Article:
From other editors: Overdue answers on Medicaid
Auditor’s report shows savings were less than predicted; other questions remain
It’s a bit bureaucratic, but on page 15 of the new review of the various cost saving estimates from Iowa’s Medicaid program, there is this extraordinary line:
“However, during the decision making process to move the Medicaid program from primarily a fee-for-service program to a managed care program, the method or parameters to be used to estimate the program savings were not established.”
In short, what this line means is this: In early 2015, when the Branstad administration initiated moving Iowa’s Medicaid program to private management, nobody stopped to figure out a way to verify what the cost savings might actually be.
Let that sink in for a moment. A primary rationale for this change has that it would save money. You’d think somebody would have asked, “Hey, how do we figure out if our assumptions hold up?”
Apparently, nobody did.
As a result, savings estimates have bounced around like a ping pong ball. In early 2017, the governor’s office put savings at $234 million. Ten months later, that had plummeted to $47 million. Six months after that, it bounced back up to $141 million.
This week’s report, from the office of outgoing State Auditor Mary Mosiman, said the state Department of Human Service’s May, 2018, methodology for determining such savings was a good one — and that, based on updated data, the state saved roughly $126 million in fiscal year 2018 over what it would have spent had it stayed with the previous fee-for-service Medicaid program.
That’s about $100 million less than the Branstad administration initially predicted.
It goes without saying, it should not have taken this long to figure out this basic a question.
We don’t look askance at $126 million in savings, if that’s the most accurate figure. Frankly, after all the various estimates about purported Medicaid savings, we’re not fully sold that this is the last word on the question.
But what we also find significant about this report is its limitations.
It doesn’t tell us much — actually, anything — about how these savings came about. And it doesn’t tell us what the impact is from the reduced spending amounts.
We have heard legions of reports about health care providers not getting paid by the state-hired private insurers. We would ask how much of the state’s savings were shouldered by hospitals, doctors and others who had claims denied or still are waiting on payment. And how, then, did that affect the services they provided to their patients?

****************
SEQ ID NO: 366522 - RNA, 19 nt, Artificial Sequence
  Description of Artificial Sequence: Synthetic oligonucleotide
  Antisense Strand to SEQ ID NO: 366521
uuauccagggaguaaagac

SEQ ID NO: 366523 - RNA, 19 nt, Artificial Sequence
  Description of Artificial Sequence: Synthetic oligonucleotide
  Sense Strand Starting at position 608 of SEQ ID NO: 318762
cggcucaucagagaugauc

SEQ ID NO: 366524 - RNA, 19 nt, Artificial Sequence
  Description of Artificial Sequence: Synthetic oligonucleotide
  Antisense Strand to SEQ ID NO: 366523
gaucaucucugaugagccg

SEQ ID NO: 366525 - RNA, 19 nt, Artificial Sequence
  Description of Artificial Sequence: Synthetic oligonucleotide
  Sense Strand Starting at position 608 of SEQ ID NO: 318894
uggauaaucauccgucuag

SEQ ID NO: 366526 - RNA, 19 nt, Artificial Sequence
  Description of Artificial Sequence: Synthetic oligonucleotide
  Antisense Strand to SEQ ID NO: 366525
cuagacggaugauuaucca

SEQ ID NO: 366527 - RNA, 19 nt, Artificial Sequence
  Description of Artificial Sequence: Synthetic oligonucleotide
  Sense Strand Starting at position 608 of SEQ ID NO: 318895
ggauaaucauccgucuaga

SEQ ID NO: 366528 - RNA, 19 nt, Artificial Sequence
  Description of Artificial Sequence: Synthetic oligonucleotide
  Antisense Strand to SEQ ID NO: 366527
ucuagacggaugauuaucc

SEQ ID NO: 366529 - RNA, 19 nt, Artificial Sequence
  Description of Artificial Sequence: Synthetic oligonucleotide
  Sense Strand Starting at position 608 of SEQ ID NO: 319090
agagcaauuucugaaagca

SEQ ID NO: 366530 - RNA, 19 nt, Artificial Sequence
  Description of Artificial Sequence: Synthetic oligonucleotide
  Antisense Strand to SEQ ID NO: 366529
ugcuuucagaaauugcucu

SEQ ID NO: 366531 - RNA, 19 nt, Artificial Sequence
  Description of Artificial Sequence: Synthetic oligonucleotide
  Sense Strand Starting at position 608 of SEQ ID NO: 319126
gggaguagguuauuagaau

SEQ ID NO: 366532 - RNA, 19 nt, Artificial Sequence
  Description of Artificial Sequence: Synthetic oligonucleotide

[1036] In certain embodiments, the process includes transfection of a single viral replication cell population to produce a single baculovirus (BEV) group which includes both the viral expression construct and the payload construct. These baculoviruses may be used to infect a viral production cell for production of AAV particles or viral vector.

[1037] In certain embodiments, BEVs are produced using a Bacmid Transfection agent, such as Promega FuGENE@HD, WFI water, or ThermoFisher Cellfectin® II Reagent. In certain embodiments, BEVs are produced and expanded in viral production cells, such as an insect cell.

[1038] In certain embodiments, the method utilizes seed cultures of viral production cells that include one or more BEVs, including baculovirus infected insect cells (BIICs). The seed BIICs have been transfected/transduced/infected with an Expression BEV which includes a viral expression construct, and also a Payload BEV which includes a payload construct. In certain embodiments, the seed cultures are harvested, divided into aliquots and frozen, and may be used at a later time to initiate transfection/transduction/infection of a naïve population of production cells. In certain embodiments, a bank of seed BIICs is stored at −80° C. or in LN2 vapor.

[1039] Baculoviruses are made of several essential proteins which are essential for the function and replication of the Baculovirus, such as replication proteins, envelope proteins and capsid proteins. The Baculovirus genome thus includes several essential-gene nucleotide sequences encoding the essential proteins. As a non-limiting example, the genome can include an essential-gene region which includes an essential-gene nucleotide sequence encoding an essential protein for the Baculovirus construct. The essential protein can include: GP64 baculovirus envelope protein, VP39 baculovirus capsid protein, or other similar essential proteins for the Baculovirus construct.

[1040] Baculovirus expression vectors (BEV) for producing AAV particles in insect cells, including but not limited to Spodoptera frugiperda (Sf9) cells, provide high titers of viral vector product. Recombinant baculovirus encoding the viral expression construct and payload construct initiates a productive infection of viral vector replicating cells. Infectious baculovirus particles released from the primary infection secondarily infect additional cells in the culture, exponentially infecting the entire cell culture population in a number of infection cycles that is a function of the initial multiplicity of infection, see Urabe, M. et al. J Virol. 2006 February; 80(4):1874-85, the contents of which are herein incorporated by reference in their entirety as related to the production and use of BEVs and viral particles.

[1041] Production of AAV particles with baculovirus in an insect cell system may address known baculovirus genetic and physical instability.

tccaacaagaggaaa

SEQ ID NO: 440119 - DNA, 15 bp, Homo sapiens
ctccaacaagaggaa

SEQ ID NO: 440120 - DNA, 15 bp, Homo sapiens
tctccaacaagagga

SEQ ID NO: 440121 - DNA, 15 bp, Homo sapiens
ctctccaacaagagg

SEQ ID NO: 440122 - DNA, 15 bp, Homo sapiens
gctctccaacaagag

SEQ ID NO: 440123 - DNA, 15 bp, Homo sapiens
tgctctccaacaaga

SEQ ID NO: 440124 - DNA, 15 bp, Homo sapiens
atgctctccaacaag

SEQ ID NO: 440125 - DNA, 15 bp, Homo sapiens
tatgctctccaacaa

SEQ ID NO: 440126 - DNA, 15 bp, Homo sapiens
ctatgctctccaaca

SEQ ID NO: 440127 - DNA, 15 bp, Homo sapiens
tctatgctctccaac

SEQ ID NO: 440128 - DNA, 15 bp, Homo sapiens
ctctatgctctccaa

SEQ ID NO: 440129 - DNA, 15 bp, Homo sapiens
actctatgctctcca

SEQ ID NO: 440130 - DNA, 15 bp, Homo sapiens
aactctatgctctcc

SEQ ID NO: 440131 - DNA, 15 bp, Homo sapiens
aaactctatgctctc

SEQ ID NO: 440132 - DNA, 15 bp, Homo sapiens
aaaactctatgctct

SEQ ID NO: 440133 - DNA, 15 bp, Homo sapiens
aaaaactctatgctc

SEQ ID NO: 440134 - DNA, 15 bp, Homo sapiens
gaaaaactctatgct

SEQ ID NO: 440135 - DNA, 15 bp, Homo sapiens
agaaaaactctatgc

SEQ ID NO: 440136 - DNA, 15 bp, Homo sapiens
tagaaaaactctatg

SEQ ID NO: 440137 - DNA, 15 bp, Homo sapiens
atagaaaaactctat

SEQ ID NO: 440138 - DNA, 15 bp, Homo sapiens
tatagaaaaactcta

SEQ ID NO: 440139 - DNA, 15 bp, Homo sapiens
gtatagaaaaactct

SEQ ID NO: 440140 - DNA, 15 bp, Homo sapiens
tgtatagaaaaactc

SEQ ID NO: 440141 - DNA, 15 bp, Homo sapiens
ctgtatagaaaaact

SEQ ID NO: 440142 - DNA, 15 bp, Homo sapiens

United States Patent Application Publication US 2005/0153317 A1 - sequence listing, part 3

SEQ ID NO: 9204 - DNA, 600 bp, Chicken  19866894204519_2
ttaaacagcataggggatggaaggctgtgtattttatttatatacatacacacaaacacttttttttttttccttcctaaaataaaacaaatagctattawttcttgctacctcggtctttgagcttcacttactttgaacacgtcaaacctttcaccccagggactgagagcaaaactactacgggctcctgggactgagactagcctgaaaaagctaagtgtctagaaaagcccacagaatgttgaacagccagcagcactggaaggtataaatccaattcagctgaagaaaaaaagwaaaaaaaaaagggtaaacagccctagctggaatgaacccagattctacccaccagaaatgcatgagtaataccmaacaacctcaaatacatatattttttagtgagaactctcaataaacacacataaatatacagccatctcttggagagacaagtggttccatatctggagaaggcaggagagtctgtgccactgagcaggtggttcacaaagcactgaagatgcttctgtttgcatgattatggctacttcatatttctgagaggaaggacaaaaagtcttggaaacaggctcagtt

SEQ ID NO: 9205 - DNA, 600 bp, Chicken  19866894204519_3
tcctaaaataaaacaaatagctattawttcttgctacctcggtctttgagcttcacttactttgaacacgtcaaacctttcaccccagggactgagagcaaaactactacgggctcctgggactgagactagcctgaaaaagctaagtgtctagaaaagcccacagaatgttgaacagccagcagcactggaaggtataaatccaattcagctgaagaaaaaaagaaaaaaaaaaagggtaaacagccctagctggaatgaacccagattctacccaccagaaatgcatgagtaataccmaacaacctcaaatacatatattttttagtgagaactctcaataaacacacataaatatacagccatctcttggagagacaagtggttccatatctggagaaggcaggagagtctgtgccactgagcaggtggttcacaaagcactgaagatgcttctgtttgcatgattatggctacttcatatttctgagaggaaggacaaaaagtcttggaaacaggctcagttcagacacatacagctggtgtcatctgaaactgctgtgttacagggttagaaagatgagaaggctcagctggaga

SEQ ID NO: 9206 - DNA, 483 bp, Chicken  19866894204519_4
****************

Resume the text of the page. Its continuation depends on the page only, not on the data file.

How much of these savings came from services the managed care organizations denied?
How much came from more coordinated care?
It seems to us there hasn’t been much oversight by the Republican-controlled legislature on these questions.
Rob Sand, the Democrat who defeated Mosiman in the Nov. 6 election, has pledged that his review of the managed care experience will be more comprehensive.
No doubt, that will open up even more partisan skirmishes in Des Moines over Medicaid. But we welcome more light on this issue.
We have repeatedly stated our concerns about the rising cost of the Medicaid program, which the state allocated $1.34 billion from its general fund in fiscal year 2019. (And just a couple of months ago, the Iowa Department of Human Services estimated that it would need another $145 million by fiscal year 2021.)
We also know, however, that this program is vital to 600,000 Iowans, many of them some of our state’s most vulnerable individuals. This program must work for all of them. And fully examining whether they are getting the care they deserve is a tougher, but more important, question to answer.
Some have argued the auditor’s report should have been released before the Nov. 6 election, given the importance of the Medicaid issue to the gubernatorial and legislative elections.
Frankly, we think clarity on this aspect of the Medicaid transition was needed long before that.
Let’s hope that the answers to these other questions aren’t also similarly delayed.
Nov. 28, 2018